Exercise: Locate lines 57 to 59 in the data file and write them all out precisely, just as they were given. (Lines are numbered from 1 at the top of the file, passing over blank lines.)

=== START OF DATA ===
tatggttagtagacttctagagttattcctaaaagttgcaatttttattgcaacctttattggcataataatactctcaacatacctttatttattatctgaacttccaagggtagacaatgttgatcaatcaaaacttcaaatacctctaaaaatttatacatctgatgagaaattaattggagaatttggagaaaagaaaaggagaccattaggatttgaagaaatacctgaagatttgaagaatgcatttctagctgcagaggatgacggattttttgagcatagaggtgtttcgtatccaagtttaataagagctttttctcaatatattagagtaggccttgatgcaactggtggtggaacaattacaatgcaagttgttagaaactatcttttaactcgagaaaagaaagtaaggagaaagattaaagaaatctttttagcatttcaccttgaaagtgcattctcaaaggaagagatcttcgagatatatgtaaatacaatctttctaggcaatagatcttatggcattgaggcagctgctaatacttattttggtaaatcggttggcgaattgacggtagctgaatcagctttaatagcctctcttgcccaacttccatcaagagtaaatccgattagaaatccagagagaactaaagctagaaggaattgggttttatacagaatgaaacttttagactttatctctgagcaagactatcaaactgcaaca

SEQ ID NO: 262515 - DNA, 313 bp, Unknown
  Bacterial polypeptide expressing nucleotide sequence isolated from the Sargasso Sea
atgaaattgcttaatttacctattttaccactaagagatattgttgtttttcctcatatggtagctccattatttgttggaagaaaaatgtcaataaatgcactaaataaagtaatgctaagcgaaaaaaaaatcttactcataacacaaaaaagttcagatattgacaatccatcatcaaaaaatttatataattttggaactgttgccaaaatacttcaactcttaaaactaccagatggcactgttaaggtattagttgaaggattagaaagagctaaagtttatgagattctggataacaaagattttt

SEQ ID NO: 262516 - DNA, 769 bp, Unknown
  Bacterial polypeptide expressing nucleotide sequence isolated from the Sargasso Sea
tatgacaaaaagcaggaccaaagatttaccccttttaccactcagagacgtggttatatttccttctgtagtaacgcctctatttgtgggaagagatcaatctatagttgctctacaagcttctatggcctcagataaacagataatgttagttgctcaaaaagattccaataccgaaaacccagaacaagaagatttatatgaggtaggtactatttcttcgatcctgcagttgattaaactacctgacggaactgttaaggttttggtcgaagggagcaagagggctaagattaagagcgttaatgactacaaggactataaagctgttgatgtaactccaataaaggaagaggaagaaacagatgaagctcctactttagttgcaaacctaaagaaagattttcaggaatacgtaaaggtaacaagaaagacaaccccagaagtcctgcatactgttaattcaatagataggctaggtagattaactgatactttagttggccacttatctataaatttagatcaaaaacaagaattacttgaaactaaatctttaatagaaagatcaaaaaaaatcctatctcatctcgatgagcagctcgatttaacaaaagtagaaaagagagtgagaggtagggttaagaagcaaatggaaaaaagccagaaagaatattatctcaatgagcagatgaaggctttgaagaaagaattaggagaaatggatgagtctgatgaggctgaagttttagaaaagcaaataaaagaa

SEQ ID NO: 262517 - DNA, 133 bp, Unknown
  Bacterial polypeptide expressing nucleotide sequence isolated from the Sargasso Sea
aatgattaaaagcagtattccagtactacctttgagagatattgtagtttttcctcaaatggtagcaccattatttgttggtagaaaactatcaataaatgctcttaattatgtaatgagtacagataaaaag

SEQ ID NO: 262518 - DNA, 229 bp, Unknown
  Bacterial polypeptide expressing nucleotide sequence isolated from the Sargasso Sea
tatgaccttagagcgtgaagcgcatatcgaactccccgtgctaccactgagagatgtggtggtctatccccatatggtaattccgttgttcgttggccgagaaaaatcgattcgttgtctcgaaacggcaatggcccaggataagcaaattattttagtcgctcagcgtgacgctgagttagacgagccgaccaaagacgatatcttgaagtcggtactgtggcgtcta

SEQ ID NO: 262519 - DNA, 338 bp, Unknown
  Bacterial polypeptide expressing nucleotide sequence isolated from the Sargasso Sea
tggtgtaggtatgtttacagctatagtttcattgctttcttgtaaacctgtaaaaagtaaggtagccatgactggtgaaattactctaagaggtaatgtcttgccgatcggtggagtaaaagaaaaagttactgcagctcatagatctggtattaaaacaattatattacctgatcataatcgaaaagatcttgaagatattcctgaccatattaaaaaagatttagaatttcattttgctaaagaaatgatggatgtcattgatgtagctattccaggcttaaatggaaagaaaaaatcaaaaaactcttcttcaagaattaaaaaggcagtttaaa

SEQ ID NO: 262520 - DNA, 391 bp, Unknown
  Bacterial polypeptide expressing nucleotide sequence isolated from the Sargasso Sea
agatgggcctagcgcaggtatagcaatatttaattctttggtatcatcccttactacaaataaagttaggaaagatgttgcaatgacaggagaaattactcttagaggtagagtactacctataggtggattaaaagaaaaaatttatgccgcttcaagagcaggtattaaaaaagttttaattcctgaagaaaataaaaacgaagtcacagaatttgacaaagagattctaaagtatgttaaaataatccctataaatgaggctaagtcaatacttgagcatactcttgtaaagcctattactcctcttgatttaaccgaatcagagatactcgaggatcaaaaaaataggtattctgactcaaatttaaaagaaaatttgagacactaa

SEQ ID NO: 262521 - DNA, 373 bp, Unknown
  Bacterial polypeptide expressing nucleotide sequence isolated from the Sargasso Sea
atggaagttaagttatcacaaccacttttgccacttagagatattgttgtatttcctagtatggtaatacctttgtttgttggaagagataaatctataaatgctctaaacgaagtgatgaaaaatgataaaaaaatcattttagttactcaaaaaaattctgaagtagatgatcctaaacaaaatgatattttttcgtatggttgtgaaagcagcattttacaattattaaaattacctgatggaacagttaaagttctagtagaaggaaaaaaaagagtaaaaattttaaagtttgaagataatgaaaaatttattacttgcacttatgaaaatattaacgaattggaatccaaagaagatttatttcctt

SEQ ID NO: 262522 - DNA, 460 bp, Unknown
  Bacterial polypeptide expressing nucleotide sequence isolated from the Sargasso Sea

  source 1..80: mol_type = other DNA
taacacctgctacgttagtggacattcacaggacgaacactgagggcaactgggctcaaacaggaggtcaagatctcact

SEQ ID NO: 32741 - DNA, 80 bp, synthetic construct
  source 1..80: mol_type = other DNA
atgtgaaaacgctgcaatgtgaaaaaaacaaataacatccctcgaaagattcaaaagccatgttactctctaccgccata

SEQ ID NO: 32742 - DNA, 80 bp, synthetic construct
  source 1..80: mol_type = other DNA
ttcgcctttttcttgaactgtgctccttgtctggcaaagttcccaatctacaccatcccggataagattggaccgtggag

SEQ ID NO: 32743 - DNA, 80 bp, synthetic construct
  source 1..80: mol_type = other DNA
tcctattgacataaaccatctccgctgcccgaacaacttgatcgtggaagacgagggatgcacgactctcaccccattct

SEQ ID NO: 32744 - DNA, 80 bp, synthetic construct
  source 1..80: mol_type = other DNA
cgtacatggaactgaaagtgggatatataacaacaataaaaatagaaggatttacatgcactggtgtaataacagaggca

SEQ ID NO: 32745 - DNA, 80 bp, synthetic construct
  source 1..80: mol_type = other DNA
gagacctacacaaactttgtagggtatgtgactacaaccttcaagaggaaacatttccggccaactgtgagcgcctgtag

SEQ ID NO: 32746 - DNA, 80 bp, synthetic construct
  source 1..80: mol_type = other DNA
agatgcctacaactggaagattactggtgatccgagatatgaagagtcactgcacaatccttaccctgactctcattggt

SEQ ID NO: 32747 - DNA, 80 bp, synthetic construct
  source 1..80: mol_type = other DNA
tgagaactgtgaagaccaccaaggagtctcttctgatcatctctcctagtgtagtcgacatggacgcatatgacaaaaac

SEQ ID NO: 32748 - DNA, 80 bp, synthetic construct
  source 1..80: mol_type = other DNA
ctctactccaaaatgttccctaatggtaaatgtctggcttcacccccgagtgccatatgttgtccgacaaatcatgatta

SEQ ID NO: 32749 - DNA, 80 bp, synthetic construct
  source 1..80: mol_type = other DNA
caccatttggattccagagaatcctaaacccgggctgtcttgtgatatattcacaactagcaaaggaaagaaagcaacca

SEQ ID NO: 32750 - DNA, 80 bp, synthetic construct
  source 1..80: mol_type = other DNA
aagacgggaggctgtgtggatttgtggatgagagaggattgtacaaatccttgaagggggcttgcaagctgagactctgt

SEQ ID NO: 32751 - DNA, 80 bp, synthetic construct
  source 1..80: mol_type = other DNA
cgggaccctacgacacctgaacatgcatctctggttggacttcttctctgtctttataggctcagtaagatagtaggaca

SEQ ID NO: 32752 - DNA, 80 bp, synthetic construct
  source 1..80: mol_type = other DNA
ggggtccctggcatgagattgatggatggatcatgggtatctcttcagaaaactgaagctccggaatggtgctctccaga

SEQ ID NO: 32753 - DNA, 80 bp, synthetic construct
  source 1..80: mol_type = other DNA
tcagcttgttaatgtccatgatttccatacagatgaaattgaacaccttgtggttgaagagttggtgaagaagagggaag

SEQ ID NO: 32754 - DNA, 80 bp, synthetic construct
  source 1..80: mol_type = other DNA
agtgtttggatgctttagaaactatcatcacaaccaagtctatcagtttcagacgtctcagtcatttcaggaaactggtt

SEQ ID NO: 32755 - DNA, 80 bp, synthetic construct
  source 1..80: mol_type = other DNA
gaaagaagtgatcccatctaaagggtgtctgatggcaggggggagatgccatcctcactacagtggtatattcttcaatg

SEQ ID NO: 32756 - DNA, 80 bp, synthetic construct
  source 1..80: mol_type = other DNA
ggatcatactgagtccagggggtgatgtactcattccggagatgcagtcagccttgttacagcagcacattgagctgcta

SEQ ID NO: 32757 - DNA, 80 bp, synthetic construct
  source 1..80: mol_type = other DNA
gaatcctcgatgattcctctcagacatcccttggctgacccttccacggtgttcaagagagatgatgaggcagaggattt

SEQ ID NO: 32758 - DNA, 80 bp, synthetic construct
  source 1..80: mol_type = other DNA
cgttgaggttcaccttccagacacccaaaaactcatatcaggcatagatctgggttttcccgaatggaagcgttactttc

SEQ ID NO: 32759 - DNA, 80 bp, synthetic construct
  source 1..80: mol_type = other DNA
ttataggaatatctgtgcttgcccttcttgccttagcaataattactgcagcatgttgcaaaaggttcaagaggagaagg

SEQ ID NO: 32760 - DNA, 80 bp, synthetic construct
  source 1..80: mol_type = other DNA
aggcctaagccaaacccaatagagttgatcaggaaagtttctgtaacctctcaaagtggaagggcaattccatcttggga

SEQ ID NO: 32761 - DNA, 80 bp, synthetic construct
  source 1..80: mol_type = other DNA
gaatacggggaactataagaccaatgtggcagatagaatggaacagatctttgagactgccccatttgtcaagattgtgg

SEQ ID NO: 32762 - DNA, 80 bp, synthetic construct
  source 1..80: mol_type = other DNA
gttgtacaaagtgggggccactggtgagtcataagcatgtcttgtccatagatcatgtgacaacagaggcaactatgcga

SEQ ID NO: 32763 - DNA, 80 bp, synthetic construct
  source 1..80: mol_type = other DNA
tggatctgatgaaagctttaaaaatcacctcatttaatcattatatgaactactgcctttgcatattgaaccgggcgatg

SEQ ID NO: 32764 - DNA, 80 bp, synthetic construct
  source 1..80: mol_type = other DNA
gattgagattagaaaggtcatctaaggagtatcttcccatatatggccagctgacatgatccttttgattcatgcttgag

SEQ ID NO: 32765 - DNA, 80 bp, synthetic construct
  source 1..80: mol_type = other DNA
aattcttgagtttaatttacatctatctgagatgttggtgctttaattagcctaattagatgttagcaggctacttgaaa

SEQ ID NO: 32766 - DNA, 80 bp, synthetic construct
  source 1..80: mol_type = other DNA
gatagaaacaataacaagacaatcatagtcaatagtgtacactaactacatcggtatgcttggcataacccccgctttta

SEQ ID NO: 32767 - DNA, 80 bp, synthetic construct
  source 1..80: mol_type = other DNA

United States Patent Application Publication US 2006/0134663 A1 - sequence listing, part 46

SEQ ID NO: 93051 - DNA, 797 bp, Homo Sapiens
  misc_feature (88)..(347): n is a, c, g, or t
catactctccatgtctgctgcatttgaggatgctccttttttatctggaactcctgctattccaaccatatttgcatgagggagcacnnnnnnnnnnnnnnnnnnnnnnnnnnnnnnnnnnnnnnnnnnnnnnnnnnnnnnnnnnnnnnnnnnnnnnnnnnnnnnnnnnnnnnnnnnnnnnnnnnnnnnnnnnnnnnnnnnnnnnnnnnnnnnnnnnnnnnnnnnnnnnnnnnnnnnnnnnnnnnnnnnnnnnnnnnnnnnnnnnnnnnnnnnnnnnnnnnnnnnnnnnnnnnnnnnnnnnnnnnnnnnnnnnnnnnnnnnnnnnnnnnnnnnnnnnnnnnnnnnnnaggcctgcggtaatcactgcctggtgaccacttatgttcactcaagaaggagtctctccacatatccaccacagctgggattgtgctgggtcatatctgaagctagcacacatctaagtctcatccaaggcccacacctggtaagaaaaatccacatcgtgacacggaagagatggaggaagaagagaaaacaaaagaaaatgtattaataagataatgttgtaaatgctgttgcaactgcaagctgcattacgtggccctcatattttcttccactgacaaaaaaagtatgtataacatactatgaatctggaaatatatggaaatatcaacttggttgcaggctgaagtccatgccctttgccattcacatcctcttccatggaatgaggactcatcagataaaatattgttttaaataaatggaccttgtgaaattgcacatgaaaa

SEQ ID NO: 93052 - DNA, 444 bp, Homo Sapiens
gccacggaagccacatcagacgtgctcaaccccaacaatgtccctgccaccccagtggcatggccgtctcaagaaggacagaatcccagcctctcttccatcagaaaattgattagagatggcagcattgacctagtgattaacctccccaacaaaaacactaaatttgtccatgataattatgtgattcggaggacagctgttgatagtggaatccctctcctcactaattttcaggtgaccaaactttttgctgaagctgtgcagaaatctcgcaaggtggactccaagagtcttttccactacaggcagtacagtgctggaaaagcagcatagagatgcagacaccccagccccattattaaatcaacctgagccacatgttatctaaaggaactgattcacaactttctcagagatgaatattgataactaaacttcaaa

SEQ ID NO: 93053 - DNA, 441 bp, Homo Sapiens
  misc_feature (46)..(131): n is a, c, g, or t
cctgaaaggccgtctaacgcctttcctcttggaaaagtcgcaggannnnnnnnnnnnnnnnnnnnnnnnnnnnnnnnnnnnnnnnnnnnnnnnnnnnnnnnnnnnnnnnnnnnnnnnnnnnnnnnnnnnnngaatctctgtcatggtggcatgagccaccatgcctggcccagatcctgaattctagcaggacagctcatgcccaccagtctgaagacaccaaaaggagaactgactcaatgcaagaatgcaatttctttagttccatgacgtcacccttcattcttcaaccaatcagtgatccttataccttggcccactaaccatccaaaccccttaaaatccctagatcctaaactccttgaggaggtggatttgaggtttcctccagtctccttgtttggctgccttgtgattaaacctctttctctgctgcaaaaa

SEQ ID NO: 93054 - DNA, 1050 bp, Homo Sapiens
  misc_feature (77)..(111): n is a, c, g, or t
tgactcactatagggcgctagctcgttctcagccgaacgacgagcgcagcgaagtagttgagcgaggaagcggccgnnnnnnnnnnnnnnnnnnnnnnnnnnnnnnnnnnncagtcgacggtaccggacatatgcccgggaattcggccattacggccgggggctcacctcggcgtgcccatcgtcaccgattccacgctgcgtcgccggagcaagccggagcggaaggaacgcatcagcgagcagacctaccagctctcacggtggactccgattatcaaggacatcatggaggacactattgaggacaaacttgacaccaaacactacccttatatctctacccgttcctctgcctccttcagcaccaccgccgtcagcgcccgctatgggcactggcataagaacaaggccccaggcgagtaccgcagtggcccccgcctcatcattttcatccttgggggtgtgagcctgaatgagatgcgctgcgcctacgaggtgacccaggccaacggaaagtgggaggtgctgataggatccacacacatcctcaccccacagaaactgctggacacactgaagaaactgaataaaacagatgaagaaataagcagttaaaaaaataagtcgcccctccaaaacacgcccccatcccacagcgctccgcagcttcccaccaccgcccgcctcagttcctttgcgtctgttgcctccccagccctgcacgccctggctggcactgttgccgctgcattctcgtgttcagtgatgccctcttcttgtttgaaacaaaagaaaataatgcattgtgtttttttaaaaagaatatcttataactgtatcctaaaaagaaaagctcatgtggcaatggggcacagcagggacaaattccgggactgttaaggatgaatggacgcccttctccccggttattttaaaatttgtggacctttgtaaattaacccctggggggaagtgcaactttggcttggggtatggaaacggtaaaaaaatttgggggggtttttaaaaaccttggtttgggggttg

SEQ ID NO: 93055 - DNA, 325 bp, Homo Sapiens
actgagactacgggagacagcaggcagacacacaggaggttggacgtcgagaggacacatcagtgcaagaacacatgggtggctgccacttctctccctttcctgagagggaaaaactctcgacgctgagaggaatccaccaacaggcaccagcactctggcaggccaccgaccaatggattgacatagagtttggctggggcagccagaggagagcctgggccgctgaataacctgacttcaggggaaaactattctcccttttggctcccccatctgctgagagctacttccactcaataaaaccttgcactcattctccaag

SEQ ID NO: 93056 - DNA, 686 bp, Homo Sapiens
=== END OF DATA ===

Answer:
SEQ ID NO: 32751 - DNA, 80 bp, synthetic construct
  source 1..80: mol_type = other DNA
cgggaccctacgacacctgaacatgcatctctggttggacttcttctctgtctttataggctcagtaagatagtaggaca